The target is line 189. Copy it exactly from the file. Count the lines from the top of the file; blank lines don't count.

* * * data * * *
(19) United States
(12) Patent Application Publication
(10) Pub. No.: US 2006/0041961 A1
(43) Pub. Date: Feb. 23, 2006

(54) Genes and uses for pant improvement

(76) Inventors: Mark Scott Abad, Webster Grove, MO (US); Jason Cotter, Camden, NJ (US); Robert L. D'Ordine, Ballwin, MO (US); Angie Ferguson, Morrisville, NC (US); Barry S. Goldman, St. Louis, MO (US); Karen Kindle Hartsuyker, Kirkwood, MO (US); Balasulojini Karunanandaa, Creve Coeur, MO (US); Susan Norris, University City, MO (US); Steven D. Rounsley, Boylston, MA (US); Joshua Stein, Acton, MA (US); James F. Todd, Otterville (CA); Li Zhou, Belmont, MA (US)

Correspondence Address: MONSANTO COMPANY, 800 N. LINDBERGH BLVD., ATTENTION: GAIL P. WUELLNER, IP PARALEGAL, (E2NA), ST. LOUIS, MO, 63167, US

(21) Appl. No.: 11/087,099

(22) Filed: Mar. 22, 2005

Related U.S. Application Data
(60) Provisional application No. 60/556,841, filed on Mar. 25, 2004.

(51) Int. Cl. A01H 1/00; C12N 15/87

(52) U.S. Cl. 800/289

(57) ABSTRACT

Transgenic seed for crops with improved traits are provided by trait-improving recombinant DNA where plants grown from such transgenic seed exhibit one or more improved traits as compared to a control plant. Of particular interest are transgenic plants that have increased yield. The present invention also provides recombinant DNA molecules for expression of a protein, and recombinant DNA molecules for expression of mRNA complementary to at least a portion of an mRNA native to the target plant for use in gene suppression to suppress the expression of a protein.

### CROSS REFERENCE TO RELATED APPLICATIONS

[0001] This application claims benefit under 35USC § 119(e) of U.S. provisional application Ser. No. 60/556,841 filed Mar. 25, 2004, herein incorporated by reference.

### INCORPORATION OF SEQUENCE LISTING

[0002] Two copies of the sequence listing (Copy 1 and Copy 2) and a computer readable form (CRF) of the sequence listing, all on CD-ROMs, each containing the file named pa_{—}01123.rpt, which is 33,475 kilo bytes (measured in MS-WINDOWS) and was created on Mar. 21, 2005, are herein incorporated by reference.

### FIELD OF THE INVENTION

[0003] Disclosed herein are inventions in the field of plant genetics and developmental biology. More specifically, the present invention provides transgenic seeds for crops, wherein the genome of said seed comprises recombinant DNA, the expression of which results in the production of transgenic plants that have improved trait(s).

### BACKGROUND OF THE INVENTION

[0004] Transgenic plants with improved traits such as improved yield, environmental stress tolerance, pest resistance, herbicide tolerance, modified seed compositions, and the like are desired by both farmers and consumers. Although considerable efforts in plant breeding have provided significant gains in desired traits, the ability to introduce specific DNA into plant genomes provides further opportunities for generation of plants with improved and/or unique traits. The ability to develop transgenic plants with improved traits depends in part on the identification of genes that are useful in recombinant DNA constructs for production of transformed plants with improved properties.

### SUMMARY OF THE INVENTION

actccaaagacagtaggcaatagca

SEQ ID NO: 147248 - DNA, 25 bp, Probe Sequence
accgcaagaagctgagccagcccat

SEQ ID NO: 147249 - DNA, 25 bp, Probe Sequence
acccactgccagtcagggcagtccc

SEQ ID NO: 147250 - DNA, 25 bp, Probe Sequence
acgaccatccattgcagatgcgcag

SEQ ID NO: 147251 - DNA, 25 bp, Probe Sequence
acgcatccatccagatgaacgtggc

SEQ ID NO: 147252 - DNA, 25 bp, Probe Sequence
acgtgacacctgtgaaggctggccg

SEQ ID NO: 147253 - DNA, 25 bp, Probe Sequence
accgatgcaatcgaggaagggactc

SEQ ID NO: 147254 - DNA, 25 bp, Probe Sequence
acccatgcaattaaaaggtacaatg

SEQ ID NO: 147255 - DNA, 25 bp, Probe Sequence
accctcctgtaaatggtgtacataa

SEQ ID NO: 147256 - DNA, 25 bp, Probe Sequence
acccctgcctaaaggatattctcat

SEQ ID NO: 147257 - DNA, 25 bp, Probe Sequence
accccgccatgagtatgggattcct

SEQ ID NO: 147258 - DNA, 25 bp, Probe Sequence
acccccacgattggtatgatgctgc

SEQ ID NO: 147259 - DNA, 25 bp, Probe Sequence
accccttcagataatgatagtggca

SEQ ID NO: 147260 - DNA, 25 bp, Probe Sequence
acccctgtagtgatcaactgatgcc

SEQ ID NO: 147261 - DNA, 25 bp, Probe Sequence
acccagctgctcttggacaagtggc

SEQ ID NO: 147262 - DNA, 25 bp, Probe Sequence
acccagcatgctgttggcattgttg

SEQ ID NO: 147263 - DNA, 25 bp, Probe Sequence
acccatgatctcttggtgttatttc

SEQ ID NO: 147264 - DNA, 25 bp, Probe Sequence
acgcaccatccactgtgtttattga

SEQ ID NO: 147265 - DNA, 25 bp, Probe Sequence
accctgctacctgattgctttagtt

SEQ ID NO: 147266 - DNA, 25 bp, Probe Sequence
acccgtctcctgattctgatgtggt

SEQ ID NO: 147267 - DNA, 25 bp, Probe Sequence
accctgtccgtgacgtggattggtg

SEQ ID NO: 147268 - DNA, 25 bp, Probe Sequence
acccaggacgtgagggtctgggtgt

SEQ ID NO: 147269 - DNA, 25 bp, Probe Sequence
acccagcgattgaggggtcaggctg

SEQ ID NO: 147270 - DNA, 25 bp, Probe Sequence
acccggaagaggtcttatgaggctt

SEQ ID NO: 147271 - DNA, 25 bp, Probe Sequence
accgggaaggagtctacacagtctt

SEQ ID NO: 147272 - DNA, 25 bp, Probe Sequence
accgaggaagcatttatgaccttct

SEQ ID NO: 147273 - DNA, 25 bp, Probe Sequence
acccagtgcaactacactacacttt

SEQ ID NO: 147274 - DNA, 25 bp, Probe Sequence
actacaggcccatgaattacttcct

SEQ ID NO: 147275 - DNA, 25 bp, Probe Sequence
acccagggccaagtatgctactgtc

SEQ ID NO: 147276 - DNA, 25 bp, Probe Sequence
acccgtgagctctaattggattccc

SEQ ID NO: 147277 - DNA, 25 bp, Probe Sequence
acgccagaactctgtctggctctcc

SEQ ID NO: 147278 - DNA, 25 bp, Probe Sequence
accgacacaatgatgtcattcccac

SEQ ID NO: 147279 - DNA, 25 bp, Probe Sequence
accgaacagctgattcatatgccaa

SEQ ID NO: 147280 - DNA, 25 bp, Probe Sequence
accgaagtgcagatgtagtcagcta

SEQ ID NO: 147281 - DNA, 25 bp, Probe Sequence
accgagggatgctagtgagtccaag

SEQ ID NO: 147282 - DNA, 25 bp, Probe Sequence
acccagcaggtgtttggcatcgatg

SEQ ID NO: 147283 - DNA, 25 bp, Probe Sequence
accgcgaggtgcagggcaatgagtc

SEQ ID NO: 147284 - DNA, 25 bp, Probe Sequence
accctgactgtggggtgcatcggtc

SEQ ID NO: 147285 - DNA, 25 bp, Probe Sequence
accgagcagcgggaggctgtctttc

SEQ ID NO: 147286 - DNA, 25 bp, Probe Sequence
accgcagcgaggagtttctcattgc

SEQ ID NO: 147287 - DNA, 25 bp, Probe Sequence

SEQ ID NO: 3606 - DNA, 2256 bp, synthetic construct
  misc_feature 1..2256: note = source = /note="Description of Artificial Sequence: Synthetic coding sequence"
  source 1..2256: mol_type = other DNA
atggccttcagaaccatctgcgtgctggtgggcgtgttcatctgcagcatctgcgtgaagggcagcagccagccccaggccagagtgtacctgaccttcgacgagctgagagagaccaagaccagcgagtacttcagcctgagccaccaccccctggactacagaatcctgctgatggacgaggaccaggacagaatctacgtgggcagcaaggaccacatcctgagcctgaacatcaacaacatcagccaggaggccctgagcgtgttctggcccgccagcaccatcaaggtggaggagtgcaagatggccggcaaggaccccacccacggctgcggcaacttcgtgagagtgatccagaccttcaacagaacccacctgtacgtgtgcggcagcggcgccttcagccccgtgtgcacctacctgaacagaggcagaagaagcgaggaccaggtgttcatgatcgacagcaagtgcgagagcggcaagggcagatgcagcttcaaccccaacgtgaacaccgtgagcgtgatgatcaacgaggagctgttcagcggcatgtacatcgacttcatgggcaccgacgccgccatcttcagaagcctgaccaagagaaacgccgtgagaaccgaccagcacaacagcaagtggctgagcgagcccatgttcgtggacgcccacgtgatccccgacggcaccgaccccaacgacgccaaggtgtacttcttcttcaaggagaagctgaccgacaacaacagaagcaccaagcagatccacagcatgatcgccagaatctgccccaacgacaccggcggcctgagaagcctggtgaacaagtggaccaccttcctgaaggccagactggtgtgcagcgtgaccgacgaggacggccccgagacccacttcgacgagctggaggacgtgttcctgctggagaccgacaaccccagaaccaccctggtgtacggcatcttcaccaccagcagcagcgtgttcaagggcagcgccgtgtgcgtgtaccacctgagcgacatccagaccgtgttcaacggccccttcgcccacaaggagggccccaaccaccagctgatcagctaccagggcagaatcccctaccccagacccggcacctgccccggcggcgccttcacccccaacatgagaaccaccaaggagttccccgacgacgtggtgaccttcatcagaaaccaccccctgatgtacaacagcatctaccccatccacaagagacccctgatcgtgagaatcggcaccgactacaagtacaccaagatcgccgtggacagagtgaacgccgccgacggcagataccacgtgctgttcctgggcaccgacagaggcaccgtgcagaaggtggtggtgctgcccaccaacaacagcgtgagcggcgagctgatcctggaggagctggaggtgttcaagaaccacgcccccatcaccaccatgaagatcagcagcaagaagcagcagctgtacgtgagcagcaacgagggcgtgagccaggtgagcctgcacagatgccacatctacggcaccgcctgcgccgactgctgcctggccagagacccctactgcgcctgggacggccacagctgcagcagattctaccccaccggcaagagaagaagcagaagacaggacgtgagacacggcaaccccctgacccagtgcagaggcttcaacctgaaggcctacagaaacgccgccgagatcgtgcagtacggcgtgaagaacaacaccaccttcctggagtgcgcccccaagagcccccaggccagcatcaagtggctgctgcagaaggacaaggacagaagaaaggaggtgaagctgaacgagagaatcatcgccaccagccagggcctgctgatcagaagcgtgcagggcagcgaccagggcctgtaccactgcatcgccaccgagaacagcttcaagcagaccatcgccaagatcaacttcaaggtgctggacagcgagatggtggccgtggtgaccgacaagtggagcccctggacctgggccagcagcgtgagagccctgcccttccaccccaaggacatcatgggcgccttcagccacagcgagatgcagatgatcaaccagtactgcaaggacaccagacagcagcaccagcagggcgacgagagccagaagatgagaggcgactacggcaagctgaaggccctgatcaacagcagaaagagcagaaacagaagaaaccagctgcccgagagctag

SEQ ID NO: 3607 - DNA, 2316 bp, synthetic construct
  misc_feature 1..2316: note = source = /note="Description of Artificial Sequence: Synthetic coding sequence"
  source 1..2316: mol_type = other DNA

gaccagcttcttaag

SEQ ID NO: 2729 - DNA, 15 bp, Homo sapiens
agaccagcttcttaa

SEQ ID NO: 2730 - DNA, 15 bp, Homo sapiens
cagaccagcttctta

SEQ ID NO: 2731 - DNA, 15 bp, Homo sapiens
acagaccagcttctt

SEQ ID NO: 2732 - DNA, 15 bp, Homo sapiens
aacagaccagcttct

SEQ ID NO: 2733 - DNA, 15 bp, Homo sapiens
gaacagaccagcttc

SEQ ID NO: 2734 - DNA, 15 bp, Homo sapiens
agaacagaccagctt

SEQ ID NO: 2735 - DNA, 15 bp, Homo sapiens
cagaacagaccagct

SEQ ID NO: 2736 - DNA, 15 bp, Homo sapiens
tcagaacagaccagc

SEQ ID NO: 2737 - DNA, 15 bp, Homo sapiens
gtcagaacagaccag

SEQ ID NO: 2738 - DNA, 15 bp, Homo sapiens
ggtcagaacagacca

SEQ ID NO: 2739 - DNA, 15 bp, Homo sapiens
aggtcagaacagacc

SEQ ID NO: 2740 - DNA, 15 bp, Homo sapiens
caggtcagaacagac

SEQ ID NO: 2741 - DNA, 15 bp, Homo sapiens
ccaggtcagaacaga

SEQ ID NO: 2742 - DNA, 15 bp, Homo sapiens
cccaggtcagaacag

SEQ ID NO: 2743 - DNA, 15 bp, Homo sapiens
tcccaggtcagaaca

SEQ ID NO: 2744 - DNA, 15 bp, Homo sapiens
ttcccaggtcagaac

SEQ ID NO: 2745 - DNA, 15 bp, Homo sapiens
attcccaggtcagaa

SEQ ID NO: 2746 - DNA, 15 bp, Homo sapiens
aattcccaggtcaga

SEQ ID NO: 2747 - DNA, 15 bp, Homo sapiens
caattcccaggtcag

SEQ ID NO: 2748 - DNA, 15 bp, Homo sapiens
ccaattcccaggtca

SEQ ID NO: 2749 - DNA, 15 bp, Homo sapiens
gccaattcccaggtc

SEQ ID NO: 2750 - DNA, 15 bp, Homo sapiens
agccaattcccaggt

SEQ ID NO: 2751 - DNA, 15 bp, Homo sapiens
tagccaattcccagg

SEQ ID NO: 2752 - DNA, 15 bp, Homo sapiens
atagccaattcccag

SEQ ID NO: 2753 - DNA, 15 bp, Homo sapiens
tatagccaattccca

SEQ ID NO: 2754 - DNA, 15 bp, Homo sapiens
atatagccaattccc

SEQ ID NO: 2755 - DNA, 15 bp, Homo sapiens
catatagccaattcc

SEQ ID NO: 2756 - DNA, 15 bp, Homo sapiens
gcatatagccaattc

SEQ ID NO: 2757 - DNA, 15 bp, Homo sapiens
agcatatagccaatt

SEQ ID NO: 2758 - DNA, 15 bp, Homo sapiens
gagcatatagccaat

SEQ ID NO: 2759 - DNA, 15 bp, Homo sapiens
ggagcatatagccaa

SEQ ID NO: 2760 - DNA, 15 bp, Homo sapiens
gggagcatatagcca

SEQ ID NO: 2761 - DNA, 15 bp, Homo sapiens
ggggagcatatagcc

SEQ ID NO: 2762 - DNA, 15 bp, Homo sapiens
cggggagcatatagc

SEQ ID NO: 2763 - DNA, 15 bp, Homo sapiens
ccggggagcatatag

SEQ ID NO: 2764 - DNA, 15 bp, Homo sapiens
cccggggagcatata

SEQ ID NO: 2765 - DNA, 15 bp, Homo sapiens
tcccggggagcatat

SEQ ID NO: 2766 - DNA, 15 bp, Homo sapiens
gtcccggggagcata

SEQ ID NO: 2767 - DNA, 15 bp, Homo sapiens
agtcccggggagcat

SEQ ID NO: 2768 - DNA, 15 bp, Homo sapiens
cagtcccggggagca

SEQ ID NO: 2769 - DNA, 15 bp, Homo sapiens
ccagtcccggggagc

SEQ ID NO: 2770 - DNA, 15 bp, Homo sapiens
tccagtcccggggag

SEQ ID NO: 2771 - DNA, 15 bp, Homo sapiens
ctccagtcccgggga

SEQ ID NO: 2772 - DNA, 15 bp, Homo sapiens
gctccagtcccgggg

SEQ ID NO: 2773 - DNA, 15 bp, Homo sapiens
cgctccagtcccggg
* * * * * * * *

SEQ ID NO: 2767 - DNA, 15 bp, Homo sapiens